Chris Watson

Birding Central Australia #86 - Tree Martin

Chris Watson

Fairy Martin Petrochelidon ariel (top) and Tree Martin P. nigricans (bottom)

These two birds giving you their best “over-the-shoulder-smoulder”, are two of the trickier species to separate while birding around Alice Springs. On top is the dainty Fairy Martin, and below, the closely related and slightly larger Tree Martin. In this picture the difference between the two is perhaps obvious, but when they are whizzing past at high speed it may be tricky to pick the glossy blue crown of the Tree Martin from the rufous crown of the Fairy Martin.

If you have ever noticed beautiful bottle-shaped mud nests below the eaves of your house or on the occasional road-side culvert, then you have seen the work of the Fairy Martin. As the name suggest, the Tree Martin usually makes its nest in a tree, although it is also known to reuse the abandoned nest of other species, including Welcome Swallows and Fairy Martins. Around Alice Springs, both species of martins are commonly encountered; Fairy Martins often where a road passes over a culvert or bridge, and Tree Martins most often, along tree-lined river beds.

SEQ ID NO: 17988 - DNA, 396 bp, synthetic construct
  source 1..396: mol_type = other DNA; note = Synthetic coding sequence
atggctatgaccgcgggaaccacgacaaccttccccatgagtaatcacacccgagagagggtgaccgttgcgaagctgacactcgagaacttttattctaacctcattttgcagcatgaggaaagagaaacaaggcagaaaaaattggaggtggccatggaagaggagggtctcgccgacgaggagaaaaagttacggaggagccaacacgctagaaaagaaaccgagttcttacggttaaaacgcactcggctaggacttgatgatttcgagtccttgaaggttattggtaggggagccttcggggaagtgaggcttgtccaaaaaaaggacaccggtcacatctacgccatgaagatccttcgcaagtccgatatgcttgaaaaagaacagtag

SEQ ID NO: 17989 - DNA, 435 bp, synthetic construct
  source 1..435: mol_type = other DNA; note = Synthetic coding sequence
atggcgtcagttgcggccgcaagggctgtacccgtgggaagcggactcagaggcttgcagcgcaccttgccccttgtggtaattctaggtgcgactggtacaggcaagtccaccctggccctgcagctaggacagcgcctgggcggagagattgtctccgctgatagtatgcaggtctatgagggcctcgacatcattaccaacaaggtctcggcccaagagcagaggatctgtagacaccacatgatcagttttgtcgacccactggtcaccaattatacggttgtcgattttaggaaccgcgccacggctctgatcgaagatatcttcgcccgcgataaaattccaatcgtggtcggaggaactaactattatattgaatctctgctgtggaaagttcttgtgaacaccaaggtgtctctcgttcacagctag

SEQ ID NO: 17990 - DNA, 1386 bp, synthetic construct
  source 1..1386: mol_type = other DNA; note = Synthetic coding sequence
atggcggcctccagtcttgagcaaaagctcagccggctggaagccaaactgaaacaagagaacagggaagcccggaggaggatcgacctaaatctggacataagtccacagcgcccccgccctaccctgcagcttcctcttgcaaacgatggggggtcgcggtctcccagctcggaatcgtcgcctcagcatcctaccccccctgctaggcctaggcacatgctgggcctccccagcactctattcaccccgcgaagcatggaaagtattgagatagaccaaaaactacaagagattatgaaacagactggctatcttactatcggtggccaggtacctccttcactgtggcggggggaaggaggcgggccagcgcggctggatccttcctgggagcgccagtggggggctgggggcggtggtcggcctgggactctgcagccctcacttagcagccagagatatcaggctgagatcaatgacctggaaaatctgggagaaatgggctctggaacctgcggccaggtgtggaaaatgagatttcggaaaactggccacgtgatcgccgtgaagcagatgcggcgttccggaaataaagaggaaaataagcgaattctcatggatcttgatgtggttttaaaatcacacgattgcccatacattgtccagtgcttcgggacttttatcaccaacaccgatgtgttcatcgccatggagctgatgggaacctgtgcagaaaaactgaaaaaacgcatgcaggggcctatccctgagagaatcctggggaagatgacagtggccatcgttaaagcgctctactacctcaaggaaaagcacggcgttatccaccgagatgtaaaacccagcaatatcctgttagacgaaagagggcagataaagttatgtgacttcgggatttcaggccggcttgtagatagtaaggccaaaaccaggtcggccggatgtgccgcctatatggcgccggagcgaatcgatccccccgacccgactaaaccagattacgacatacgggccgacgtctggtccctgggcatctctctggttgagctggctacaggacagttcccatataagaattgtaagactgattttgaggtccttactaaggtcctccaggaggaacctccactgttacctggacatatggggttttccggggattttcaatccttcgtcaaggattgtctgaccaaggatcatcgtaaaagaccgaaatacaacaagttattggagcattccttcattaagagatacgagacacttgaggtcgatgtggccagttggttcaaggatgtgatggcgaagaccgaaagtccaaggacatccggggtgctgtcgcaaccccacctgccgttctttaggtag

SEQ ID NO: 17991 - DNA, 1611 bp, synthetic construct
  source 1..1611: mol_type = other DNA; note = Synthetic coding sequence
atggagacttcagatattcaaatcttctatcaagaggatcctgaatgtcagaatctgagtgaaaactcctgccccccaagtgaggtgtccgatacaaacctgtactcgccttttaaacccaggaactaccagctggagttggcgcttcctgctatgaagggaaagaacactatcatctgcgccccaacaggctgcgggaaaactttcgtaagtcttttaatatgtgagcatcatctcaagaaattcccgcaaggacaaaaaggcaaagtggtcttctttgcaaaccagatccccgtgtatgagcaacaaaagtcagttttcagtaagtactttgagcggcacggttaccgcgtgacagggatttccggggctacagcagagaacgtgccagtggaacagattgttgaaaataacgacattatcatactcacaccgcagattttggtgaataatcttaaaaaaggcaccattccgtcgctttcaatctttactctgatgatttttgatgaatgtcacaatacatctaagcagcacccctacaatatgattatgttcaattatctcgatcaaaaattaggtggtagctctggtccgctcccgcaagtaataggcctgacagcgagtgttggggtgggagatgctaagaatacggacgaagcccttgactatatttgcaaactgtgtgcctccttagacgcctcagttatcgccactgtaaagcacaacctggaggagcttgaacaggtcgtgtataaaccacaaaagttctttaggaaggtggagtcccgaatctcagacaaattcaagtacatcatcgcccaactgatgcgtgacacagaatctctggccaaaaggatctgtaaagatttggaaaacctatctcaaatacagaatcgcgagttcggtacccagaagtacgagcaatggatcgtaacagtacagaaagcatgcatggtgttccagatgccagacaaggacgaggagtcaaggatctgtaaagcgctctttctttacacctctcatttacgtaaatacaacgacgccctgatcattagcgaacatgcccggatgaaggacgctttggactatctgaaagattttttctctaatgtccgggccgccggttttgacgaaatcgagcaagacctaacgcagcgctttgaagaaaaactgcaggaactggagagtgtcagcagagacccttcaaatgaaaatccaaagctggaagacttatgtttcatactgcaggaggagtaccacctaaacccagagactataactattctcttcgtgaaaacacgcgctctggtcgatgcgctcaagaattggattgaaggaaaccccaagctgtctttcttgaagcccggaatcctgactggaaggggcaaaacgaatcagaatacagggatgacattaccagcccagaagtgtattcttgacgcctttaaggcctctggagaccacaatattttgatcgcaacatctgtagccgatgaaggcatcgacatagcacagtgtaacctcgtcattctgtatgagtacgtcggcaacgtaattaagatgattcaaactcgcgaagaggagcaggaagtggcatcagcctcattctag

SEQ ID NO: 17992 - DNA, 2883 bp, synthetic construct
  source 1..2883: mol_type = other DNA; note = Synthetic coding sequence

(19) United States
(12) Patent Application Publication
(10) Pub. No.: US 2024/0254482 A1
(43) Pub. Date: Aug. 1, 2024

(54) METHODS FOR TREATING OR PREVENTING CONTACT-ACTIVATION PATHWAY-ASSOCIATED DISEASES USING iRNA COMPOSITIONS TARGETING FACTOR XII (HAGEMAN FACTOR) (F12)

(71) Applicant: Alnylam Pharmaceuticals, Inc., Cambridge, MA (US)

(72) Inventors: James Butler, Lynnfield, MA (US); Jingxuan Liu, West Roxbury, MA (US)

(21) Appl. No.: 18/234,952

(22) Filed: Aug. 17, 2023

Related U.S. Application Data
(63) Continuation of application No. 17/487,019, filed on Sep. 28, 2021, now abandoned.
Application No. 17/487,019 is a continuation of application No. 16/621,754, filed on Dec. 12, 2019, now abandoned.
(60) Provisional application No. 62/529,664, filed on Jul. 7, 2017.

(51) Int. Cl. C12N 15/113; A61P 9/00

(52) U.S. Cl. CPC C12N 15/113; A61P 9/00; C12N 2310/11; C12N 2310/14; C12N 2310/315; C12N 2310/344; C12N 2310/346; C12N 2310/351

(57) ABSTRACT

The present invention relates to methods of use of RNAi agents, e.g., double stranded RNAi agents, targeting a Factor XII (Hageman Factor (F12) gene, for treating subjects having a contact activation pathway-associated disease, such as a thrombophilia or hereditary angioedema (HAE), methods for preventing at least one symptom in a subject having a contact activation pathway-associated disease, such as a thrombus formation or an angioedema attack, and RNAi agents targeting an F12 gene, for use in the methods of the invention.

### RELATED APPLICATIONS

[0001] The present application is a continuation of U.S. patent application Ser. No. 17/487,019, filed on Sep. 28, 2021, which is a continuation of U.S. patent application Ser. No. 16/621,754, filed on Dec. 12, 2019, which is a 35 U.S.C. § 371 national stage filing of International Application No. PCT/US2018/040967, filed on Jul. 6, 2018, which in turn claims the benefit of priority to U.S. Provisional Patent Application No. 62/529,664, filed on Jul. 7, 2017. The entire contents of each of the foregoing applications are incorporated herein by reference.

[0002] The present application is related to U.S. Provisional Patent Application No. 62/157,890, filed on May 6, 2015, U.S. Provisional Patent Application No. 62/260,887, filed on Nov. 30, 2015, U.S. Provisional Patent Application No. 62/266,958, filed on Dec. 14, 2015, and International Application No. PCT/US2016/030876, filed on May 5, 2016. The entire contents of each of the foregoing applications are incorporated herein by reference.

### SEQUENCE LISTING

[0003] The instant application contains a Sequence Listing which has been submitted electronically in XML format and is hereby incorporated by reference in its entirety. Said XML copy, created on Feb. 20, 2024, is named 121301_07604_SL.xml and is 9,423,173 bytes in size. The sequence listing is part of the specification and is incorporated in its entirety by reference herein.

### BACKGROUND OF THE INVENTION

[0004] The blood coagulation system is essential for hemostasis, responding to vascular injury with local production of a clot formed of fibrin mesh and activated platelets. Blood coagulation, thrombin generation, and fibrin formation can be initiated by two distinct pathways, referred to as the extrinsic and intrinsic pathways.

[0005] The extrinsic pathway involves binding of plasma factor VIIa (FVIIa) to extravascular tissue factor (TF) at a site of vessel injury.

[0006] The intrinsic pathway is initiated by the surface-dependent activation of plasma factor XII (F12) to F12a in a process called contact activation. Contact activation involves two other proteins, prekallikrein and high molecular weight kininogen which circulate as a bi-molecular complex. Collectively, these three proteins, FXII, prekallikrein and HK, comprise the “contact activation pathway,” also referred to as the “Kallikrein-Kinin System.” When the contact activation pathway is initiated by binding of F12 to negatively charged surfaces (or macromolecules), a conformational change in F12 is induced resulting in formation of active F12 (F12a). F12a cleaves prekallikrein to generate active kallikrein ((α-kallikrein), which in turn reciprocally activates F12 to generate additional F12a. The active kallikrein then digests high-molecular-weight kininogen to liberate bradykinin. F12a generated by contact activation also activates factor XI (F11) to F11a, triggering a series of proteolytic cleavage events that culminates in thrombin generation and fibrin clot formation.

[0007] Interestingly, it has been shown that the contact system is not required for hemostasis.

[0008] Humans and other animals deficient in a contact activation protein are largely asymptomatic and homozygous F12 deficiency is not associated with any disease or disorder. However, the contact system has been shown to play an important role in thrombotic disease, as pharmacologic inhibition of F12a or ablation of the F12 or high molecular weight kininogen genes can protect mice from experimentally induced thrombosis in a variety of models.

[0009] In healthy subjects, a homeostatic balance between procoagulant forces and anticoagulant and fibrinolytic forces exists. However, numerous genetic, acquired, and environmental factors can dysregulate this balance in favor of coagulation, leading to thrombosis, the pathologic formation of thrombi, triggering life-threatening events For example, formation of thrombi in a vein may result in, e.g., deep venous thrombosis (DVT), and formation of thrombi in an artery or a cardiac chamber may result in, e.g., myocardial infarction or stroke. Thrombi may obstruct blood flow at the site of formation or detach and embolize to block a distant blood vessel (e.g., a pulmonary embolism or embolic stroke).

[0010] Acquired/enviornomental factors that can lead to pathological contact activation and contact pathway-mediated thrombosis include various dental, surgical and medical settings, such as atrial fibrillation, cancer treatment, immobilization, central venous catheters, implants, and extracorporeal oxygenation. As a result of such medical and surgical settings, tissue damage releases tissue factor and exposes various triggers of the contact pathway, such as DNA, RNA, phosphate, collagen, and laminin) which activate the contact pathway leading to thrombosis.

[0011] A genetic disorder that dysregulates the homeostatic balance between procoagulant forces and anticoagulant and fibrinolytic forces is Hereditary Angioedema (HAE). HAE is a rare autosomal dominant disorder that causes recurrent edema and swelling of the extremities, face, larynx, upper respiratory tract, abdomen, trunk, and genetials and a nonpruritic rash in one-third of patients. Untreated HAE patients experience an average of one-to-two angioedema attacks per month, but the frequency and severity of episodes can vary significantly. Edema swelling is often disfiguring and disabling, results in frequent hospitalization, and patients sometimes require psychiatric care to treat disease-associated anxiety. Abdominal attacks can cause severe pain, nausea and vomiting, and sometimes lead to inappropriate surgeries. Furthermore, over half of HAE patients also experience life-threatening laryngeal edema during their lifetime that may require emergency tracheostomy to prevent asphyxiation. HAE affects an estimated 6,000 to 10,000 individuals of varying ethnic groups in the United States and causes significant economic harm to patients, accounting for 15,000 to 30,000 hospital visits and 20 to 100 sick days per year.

It’s been all go in Alice Springs, and reports of Grey Falcons continue to arrive from west of town near Standley Chasm and also to the south-west at Kata-Tjuta. A Grey-fronted Honeyeater has been reported from out in the Eastern MacDonnell Ranges near Corroboree Rock.

I’ve been out in the Great Sandy Desert this week and can vouch that many of the nomadic honeyeater species are present up there in WA in phenomenal numbers, with Black, Pied, and White-fronted Honeyeaters among the most common birds seen over three days.

Crimson Chats are now being reported much more regularly along the road in every direction from town and Orange Chats are still regular at the sewage ponds.

Happy Birding!